Ideological purity costing taxpayer billions
12 April 2020
From Chris Leitch, Social Credit Leader
Over the coming decades taxpayers will spend billions of dollars paying off the government’s economic rescue package because the Reserve Bank and the Government don’t want to ”blur the lines between fiscal and monetary policy” according to RBNZ’s assistant governor, Christian Hawkesby.
That means funding of the rescue package will be done through an economic merry-go-round that will see a massive transfer of wealth from citizens to the mainly overseas shareholders of the country’s banks and investment funds.
The result will be kiwis saddled with massive additional debt and interest payments when it could have cost nothing – freeing up tax dollars to be spent on health, education, housing and infrastructure.
The Reserve Bank could directly fund the $52 billion package without incurring any cost to taxpayers – something called for in recent days by former Senior Lecturer at the School of Economics and Finance at Victoria University Dr Geoff Bertram.
That call has been echoed by economists Raf Manji and Shamubeel Eaqub and economics commentators Bernard Hickey and Bryan Gould.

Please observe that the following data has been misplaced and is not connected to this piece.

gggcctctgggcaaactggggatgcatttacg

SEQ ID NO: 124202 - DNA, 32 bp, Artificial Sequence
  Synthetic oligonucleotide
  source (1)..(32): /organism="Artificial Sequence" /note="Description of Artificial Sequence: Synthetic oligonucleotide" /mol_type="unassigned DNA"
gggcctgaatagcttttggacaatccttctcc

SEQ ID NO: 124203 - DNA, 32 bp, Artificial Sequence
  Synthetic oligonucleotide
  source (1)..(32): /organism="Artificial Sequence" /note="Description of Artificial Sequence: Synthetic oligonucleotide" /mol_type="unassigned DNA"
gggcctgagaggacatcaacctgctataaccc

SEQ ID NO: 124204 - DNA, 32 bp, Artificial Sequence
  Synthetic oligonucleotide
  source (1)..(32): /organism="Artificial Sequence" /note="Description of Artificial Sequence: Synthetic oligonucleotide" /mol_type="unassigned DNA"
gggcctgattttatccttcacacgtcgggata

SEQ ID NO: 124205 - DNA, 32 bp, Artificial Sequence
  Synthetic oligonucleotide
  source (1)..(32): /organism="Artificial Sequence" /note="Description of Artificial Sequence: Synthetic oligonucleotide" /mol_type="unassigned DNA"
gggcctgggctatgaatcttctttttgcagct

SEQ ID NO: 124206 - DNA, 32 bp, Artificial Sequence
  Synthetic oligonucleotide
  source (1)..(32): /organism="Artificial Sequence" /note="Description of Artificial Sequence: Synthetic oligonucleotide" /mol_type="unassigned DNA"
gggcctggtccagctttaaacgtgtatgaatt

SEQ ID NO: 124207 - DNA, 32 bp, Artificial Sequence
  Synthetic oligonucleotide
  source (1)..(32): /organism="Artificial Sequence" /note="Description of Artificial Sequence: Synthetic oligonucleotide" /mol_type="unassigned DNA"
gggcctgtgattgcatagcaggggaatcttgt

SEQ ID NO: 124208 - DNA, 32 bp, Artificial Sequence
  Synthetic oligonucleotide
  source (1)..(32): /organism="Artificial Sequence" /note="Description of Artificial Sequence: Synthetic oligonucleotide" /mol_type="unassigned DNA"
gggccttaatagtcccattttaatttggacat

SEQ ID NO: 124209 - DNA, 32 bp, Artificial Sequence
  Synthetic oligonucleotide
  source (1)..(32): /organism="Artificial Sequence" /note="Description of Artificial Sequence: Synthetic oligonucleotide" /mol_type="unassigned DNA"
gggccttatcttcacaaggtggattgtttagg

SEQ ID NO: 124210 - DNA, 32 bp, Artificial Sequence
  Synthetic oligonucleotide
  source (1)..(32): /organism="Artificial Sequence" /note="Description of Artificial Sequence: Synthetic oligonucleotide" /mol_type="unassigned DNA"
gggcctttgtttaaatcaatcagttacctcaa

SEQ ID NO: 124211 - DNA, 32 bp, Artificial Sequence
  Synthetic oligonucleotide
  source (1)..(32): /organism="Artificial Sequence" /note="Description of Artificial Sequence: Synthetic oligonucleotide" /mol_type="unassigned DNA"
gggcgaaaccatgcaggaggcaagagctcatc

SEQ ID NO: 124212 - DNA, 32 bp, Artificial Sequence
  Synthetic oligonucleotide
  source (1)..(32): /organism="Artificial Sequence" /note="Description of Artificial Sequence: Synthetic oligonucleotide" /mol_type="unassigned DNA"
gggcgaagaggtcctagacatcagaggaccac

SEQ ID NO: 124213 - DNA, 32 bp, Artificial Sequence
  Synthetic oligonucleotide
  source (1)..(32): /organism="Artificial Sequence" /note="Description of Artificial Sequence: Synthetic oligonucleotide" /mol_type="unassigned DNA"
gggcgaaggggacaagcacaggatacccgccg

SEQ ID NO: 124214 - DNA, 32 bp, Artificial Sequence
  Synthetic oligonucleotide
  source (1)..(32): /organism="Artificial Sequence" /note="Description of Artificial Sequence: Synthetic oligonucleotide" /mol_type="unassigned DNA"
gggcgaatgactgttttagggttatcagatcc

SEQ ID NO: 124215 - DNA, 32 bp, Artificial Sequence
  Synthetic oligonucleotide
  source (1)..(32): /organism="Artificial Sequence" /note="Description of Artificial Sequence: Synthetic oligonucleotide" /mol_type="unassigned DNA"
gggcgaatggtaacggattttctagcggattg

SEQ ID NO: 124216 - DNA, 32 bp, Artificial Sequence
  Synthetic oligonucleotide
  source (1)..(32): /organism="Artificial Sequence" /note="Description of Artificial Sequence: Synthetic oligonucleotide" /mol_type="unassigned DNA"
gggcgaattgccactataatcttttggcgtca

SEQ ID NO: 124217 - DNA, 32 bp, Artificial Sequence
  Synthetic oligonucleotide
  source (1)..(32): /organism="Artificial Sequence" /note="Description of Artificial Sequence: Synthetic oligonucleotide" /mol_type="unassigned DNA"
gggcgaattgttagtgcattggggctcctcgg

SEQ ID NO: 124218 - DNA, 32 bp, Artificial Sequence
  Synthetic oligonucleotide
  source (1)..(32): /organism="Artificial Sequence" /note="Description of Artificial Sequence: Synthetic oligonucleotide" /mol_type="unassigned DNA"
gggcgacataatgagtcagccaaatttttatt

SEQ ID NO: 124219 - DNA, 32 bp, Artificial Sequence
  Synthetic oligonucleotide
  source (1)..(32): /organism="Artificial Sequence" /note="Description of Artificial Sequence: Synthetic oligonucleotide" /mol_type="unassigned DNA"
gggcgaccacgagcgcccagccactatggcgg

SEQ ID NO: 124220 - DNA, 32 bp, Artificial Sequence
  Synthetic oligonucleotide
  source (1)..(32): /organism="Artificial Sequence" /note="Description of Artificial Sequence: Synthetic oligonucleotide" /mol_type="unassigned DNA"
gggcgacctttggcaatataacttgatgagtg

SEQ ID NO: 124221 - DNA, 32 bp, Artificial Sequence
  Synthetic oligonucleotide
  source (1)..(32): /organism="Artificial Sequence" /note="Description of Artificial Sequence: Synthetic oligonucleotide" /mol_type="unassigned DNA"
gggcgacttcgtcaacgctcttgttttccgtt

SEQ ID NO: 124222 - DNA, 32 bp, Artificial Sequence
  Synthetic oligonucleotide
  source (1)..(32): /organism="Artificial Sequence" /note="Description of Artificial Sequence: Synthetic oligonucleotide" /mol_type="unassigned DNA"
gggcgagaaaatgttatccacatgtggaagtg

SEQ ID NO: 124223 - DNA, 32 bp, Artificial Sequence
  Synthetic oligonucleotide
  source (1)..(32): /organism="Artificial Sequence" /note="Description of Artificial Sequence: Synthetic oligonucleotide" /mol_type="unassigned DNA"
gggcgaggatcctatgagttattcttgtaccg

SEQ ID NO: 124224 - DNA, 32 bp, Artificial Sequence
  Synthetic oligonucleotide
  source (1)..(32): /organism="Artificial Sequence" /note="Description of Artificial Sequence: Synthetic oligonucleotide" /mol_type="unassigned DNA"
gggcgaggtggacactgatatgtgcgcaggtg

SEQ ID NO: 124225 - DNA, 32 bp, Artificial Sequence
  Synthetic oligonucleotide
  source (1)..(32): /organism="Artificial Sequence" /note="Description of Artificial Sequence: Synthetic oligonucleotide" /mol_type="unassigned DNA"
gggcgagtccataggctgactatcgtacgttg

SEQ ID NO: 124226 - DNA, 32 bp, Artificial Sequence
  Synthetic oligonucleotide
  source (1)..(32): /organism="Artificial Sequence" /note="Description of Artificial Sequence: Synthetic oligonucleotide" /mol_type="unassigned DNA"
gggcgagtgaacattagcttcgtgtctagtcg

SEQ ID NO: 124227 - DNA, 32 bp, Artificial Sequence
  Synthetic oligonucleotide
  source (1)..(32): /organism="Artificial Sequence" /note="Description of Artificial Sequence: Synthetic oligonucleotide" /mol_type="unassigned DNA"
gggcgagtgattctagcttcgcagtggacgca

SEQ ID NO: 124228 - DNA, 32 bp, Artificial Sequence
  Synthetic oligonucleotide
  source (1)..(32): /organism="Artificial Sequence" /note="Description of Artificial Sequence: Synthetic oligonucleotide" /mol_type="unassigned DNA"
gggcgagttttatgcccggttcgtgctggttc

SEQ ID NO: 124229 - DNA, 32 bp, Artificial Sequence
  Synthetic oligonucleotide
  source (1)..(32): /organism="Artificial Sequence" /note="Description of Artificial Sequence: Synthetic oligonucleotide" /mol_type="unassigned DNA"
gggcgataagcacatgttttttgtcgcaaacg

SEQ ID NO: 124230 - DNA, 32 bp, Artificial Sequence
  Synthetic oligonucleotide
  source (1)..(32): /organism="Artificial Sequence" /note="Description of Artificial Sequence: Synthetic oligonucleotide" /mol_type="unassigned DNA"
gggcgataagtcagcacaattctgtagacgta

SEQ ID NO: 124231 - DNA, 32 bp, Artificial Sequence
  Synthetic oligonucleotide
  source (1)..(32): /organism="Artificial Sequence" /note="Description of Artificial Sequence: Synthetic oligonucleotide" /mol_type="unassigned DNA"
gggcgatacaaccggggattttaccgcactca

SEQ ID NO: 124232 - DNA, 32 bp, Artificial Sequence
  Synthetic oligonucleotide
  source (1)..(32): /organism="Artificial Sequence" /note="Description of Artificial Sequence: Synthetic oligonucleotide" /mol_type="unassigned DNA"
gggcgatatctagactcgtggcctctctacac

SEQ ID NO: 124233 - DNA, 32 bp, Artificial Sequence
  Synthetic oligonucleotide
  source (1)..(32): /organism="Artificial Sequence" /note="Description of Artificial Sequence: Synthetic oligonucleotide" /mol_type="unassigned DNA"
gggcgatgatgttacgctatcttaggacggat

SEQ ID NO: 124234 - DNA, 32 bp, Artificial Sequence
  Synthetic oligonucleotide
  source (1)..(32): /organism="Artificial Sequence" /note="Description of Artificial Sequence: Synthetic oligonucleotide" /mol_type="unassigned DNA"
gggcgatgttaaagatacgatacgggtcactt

“This is not wild radicalism. It is mainstream, even conservative, economics,” according to Dr Bertram.
The Bank of England has just announced it will directly fund some of the British Government’s rescue package and there’s no bar on our Reserve Bank doing the same.
Instead the government is borrowing that $52 billion dollars through the sale of bonds to banks and other financial entities and investors. Those purchasers buying the newly issued government bonds are the very same people who are now flush with funds because the Reserve Bank is spending $30 billion dollars to buy from them bonds they previously held.
Those wealthy investors will make a substantial profit from ‘clipping the ticket’ on both transactions, and taxpayers will foot the bill.
$5 billion dollars of taxpayers money already goes every year to pay interest on existing government debt – money that could be spent on health services, solving the housing crisis by building rent to own homes, providing free dental care, or a multitude of other possibilities.
Finance Minister Grant Robertson wants to add even more to that figure. “New Zealand is in a position to continue to be able to take on debt’, he is quoted as saying.
The self imposed appearance of the Reserve Bank not directly financing the Government is sheer economic madness in these unprecedented times.
Canada’s central bank purchases approximately 20 percent of government bonds issued every year on a regular basis.
The first Labour government financed the building of thousands of state houses with Reserve Bank money.
The Commonwealth Bank (Australia’s central bank at the time) supplied the Australian government with funding for major infrastructure development.
China finances the majority of its government owned companies and major projects like its Belt and Road projects from its central bank.